In DepthSCIENTIFIC INTEGRITY

Survey fraud test sparks battle

Science  04 Mar 2016:
Vol. 351, Issue 6277, pp. 1014
DOI: 10.1126/science.351.6277.1014

You are currently viewing the summary.

View Full Text

Summary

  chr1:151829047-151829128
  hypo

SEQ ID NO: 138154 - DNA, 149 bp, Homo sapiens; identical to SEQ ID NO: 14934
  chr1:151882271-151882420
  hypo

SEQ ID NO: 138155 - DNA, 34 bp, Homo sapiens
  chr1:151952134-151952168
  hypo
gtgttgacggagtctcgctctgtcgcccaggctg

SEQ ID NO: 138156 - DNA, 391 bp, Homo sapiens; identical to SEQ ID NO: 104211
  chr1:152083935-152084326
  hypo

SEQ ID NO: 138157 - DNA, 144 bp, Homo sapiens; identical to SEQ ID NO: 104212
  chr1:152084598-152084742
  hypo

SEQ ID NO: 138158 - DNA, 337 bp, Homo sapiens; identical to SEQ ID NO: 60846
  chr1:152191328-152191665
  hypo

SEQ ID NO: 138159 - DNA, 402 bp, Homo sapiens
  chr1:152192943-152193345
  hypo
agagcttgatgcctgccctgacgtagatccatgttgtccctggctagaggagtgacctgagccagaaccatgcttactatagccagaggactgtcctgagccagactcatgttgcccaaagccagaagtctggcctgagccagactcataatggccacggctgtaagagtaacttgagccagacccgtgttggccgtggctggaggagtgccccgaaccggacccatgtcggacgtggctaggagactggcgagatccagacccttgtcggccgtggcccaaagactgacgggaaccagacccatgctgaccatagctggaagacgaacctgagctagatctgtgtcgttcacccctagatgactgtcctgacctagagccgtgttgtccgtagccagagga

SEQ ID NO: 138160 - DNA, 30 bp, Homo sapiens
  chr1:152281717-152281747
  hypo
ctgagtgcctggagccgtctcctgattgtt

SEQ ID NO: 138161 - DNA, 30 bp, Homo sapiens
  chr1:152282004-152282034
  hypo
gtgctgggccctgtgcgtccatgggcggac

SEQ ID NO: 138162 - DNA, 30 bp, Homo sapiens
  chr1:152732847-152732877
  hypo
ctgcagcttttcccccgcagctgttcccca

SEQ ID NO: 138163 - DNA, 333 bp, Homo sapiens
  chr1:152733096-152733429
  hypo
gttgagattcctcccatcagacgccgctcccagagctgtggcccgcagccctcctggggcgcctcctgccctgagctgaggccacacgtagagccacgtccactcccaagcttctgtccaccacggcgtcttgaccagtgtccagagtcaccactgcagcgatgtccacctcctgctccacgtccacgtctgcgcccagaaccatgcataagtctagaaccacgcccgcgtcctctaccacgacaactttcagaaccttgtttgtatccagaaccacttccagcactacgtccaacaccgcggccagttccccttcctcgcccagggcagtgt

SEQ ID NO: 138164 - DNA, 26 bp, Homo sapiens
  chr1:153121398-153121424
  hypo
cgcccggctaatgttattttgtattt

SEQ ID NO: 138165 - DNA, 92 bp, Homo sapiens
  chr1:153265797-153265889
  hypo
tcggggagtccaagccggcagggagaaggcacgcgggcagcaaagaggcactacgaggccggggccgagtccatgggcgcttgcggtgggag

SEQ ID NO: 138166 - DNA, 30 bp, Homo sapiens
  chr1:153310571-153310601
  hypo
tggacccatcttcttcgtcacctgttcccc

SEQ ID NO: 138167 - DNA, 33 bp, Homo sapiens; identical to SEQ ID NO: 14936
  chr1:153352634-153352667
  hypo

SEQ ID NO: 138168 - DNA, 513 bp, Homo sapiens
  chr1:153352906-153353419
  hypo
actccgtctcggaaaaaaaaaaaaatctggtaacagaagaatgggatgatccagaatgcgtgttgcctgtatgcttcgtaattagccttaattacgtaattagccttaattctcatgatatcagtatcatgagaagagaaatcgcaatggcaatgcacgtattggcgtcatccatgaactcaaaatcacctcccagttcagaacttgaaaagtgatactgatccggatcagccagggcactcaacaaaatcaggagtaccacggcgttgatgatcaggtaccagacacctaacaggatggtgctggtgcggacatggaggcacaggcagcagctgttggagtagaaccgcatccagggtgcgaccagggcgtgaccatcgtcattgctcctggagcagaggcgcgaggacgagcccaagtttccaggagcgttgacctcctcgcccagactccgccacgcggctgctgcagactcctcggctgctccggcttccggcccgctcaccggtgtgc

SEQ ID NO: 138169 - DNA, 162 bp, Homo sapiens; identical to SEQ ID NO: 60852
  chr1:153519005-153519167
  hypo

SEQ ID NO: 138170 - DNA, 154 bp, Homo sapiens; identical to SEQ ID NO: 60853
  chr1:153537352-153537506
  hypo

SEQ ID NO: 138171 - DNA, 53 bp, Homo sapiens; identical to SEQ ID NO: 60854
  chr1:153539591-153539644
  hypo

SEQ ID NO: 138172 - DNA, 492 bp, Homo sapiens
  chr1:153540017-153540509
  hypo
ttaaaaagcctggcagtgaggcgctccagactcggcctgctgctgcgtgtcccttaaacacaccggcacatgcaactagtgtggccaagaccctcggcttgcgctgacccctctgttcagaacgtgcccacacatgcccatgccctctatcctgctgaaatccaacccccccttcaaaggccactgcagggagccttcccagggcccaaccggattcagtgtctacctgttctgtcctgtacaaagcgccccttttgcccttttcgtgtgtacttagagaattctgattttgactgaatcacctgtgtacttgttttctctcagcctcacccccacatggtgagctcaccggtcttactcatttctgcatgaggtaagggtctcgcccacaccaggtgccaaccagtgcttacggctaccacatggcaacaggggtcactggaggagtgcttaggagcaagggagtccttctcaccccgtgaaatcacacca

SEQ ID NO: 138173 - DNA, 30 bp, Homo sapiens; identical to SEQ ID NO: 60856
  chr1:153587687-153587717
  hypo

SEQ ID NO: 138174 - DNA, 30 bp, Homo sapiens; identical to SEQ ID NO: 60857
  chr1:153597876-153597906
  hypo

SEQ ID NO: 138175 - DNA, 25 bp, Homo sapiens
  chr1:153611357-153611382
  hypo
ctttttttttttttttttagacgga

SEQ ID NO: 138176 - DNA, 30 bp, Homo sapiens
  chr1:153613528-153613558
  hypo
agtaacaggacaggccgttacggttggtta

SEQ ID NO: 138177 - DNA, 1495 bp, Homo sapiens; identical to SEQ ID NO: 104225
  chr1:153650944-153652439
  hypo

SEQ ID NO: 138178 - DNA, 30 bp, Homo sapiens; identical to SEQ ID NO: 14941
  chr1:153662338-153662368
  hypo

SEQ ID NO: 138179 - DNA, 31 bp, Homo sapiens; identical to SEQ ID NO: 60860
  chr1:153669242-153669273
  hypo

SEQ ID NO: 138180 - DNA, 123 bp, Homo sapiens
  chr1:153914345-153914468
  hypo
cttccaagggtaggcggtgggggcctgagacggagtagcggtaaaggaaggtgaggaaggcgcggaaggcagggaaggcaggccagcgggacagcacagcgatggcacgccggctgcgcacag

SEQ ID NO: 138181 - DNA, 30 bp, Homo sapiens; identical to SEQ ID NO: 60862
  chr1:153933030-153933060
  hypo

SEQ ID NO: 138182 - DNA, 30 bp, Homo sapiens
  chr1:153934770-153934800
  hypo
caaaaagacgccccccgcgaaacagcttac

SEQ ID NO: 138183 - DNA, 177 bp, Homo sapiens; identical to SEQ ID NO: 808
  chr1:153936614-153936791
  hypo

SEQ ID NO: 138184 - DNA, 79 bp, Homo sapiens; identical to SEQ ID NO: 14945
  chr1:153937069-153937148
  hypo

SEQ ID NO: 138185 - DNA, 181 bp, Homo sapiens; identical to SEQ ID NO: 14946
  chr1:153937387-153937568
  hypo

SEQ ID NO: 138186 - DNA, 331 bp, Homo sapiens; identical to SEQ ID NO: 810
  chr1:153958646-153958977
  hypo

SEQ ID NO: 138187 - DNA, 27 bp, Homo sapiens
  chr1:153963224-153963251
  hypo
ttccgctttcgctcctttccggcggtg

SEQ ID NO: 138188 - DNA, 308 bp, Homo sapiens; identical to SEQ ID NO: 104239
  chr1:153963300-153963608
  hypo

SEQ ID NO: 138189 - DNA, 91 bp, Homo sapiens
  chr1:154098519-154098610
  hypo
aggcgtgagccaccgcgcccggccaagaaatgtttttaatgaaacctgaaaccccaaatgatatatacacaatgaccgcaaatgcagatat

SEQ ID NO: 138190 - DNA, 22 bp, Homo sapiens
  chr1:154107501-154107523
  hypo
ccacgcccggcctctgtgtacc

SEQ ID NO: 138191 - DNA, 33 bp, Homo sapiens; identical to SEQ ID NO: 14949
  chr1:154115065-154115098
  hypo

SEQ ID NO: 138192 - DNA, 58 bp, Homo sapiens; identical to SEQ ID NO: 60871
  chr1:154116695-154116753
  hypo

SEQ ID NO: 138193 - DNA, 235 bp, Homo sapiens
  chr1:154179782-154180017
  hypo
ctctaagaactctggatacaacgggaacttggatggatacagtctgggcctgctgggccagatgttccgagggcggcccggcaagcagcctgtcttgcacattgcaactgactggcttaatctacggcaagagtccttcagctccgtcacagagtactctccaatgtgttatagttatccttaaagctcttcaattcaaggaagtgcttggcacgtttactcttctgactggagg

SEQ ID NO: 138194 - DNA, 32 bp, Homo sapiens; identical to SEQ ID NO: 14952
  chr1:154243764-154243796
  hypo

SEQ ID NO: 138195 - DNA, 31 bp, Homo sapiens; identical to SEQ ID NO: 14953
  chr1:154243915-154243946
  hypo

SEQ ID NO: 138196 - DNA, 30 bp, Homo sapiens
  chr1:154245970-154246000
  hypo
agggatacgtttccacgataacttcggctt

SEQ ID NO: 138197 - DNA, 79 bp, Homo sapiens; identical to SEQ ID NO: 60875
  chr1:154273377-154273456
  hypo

At a meeting on survey data fabrication in Washington, D.C., last week, Michael Robbins and Noble Kuriakose presented an update on their statistical test that has been roiling the survey research community for the past year. When they apply the test to more than 1000 public data sets from international surveys, about one in five of the surveys fail, indicating a high likelihood of fabricated data. At the meeting, they debuted an analysis, focusing on 309 international studies funded by the Pew Research Center, that found a failure rate of 30%. "Robbins and Kuriakose have uncovered a massive problem," says Michael Spagat, an economist at Royal Holloway, University of London, who has investigated high-profile cases of possible survey data fabrication in war zones. But Pew officials dismiss the test, saying it is prone to false positives. The organization has gone so far as to request that Robbins and Kuriakose desist from publishing their original analysis, which is now in press.